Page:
When not doing theater work, Brandin can be found on a local bike path enjoying the scenery. He also speaks fluent Mandarin. The SAIL program will be Brandin’s first overseas experience. Click here to read Brandin's blog.

Yaengsaeng X.


Being among the first generation to leave Laos for the U.S., Yaengsaeng, a Tai Lue (Lao Lue) and her family had to overcome much adversity – an experience which greatly influenced her desire to help others in need. Yaengsaeng’s motivation for participating in the SAIL program is to help enrich the lives of those living in Laos, and learn from them as well. Like many SAIL participants, she wants to discover her roots, and be able to share what she experiences with Americans unaware of Lao culture and people.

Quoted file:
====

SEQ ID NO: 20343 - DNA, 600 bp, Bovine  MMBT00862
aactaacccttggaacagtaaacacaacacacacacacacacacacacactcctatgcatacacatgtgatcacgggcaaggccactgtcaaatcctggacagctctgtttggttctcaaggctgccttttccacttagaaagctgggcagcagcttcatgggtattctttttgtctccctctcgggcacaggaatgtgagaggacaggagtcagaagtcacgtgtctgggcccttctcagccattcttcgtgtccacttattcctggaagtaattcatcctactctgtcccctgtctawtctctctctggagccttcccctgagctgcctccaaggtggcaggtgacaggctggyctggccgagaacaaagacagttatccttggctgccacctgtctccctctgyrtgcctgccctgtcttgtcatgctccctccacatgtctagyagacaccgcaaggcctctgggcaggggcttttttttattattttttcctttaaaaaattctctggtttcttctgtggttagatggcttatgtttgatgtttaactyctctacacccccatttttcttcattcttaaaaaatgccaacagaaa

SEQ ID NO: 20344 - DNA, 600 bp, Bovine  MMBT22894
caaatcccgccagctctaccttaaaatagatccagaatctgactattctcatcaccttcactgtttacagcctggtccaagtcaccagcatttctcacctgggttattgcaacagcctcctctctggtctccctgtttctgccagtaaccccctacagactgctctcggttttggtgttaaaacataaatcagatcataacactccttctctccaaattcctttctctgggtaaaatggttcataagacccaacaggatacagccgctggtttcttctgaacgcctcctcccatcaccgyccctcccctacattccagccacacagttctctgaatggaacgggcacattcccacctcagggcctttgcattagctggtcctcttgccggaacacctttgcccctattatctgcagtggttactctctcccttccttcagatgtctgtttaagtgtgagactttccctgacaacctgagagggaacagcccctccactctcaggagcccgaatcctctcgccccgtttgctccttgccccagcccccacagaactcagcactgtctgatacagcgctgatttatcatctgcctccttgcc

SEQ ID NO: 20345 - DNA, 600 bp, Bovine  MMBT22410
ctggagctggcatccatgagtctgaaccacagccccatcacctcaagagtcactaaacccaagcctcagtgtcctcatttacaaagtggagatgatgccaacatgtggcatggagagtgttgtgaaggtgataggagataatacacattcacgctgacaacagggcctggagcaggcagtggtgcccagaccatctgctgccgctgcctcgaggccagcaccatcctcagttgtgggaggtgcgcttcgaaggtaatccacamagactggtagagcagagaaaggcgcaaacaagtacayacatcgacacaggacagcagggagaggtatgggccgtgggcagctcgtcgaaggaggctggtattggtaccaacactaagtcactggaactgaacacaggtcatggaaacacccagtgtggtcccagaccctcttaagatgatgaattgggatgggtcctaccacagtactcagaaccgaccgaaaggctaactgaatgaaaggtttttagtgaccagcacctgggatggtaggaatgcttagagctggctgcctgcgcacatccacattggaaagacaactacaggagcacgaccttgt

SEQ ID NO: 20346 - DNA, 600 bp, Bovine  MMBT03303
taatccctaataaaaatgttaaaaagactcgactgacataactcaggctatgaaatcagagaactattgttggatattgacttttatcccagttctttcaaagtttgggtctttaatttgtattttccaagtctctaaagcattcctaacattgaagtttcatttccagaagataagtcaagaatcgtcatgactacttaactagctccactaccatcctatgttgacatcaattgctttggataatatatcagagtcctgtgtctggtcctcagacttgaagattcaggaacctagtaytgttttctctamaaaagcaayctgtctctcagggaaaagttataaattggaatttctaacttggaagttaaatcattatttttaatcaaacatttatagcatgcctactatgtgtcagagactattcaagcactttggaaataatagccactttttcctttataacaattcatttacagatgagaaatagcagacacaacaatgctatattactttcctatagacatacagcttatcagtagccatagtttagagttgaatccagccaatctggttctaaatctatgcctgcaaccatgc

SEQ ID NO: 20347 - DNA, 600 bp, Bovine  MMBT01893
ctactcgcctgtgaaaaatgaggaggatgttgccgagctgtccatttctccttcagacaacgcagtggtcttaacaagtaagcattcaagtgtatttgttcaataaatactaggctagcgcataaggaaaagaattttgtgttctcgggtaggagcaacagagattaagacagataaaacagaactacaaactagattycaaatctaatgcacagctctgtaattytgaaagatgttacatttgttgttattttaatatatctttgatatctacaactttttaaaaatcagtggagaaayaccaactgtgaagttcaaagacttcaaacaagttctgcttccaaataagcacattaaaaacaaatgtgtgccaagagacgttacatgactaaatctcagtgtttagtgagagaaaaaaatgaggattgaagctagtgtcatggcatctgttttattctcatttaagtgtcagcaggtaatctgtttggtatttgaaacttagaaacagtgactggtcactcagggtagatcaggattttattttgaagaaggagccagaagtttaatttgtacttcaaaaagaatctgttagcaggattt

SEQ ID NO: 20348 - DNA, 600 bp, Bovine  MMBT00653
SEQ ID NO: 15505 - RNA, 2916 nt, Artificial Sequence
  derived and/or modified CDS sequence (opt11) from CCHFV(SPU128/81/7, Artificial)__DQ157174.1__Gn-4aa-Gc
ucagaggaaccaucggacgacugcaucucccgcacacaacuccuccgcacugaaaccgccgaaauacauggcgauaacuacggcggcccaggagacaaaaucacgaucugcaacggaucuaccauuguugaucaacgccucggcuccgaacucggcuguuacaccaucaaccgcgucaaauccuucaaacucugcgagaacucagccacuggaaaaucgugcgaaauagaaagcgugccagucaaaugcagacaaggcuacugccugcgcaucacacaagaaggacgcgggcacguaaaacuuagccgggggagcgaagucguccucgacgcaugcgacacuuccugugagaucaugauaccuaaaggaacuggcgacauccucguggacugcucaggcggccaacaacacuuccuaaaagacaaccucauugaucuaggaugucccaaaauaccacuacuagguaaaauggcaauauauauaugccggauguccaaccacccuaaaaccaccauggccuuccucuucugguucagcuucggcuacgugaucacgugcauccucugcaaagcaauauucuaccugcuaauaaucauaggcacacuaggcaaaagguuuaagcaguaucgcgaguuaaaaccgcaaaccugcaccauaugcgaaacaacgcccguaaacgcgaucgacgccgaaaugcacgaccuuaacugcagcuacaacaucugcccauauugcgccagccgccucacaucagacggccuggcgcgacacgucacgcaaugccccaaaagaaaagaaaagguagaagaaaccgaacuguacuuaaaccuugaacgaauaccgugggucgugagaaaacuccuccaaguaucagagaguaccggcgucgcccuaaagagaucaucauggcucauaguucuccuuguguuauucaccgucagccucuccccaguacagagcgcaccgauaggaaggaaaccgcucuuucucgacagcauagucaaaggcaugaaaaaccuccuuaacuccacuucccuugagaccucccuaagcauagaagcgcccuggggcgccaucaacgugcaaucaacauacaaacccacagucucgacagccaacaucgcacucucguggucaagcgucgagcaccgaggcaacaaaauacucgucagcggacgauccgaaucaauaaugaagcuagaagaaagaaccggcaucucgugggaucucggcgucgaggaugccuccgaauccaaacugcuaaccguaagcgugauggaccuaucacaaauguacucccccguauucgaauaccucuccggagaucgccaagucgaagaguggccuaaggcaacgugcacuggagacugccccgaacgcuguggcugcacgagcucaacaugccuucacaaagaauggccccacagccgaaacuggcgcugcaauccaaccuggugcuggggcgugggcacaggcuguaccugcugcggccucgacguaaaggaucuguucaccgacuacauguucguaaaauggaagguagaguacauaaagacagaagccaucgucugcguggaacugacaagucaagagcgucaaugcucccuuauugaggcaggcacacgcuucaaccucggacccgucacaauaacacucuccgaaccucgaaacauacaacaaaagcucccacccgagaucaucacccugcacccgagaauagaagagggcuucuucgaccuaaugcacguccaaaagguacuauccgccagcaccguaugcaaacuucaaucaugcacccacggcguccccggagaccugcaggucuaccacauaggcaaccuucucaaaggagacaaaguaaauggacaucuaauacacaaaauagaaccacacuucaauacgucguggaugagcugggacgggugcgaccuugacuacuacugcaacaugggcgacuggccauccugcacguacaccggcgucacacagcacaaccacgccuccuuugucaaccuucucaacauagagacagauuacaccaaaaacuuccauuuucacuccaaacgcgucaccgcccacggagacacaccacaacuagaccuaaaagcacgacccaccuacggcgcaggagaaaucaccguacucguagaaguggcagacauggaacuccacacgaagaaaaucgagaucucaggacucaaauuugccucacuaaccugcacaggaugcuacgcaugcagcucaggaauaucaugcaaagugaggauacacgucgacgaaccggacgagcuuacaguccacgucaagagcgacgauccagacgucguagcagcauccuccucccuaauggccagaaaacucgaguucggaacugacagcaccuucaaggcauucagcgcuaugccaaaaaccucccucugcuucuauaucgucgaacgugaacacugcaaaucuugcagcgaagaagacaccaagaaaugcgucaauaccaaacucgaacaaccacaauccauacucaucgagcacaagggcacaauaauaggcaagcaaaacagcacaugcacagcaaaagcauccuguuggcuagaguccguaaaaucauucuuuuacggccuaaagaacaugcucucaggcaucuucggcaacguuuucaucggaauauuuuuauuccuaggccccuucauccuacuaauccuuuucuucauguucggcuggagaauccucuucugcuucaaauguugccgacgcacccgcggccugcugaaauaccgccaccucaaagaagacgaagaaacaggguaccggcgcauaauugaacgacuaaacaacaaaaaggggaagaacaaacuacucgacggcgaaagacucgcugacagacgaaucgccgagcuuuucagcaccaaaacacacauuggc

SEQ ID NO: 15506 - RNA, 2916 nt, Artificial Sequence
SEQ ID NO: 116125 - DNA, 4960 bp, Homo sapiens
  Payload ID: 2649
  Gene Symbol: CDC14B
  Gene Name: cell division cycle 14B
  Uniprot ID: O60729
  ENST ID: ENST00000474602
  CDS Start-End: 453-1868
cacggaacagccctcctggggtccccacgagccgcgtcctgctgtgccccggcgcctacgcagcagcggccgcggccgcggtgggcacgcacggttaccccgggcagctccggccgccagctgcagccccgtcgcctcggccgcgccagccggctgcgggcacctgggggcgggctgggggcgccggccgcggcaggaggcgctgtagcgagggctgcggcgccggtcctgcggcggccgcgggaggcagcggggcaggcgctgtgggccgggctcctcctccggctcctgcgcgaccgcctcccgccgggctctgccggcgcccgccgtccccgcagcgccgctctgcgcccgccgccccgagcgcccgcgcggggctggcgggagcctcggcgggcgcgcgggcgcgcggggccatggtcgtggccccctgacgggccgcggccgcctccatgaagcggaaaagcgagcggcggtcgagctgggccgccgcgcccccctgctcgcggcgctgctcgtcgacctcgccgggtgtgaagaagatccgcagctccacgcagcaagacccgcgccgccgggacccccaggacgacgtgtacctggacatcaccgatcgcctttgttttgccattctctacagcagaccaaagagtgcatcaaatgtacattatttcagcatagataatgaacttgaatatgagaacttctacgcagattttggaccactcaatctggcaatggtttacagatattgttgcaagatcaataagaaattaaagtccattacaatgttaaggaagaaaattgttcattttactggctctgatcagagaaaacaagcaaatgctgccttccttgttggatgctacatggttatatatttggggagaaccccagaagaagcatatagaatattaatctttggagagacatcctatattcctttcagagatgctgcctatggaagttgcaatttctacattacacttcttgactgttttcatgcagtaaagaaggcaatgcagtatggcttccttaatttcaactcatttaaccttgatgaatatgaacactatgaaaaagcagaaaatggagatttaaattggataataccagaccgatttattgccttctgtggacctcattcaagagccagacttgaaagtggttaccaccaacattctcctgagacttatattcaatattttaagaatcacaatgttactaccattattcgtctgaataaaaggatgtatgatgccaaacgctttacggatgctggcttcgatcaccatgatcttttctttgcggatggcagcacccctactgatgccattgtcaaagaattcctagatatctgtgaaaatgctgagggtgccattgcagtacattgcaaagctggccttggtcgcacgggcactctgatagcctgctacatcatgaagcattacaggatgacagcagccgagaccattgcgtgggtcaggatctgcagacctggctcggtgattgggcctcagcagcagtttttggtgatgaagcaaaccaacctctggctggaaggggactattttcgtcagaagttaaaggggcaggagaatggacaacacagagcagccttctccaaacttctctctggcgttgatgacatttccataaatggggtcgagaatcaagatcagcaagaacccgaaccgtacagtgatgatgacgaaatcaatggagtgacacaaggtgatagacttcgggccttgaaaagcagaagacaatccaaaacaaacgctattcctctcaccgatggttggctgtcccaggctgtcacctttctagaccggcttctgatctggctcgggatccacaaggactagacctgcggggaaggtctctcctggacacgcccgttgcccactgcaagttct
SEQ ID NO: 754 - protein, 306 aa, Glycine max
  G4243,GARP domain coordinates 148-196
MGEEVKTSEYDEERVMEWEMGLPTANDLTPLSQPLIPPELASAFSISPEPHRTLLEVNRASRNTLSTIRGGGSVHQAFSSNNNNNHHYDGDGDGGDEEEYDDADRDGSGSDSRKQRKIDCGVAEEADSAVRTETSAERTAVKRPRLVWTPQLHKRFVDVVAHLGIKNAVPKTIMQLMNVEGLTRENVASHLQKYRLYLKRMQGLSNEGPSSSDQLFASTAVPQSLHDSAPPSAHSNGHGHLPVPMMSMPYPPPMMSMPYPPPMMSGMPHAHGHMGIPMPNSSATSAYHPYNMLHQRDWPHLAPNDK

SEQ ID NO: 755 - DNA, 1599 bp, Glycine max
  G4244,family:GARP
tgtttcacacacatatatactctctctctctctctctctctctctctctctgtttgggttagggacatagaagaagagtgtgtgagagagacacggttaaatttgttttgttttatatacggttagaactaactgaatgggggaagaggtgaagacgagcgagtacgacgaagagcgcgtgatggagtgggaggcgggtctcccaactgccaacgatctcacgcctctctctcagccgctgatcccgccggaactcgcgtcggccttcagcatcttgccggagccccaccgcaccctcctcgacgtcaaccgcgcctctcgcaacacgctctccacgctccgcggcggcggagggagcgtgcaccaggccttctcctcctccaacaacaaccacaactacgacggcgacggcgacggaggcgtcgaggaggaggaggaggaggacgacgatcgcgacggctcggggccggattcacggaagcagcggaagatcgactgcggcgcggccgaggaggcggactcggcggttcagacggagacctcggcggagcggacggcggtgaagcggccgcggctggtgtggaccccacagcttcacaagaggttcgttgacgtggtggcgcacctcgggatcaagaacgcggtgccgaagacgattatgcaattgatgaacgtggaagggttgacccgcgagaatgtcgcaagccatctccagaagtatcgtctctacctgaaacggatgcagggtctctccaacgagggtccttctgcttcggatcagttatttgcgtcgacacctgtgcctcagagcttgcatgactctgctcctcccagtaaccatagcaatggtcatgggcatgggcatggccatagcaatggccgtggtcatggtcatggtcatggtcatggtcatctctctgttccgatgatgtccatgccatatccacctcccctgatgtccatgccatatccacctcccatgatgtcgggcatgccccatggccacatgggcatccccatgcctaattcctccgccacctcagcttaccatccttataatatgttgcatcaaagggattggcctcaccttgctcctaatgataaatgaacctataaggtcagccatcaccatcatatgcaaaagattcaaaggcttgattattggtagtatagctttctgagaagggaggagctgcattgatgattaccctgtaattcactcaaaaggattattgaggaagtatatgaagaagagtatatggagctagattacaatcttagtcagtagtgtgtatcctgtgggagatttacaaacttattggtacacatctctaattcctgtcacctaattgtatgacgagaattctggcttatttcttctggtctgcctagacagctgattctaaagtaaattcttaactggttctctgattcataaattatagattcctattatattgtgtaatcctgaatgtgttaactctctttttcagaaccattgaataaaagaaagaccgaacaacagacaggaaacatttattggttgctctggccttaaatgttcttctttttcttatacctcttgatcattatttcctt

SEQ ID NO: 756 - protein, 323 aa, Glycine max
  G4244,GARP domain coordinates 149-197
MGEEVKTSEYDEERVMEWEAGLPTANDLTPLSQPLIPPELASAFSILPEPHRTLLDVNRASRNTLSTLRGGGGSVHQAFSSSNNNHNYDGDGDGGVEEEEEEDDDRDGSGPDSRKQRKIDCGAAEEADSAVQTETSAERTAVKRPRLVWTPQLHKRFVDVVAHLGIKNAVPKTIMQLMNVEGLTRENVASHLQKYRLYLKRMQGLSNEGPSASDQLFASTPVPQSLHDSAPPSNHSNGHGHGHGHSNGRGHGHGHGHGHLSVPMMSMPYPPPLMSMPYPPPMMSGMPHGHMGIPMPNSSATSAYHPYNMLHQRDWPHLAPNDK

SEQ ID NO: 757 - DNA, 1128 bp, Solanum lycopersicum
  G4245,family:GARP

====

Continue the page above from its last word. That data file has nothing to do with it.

Yaengsaeng, 26, holds a BS in Biochemistry from UCLA and has extensive lab skills in organic chemistry, biochemistry, microbiology and molecular biology. She is currently finishing up her prerequisite courses at Peralta College and hopes to enter into a Masters Program in Nursing in the Fall of 2010. Since 2005, she has worked as a certified Senior Product Technician at Bayer HealthCare Pharmaceuticals in Berkeley, and in 2007, was awarded the Premier Circle Award for going above and beyond the scope of her work.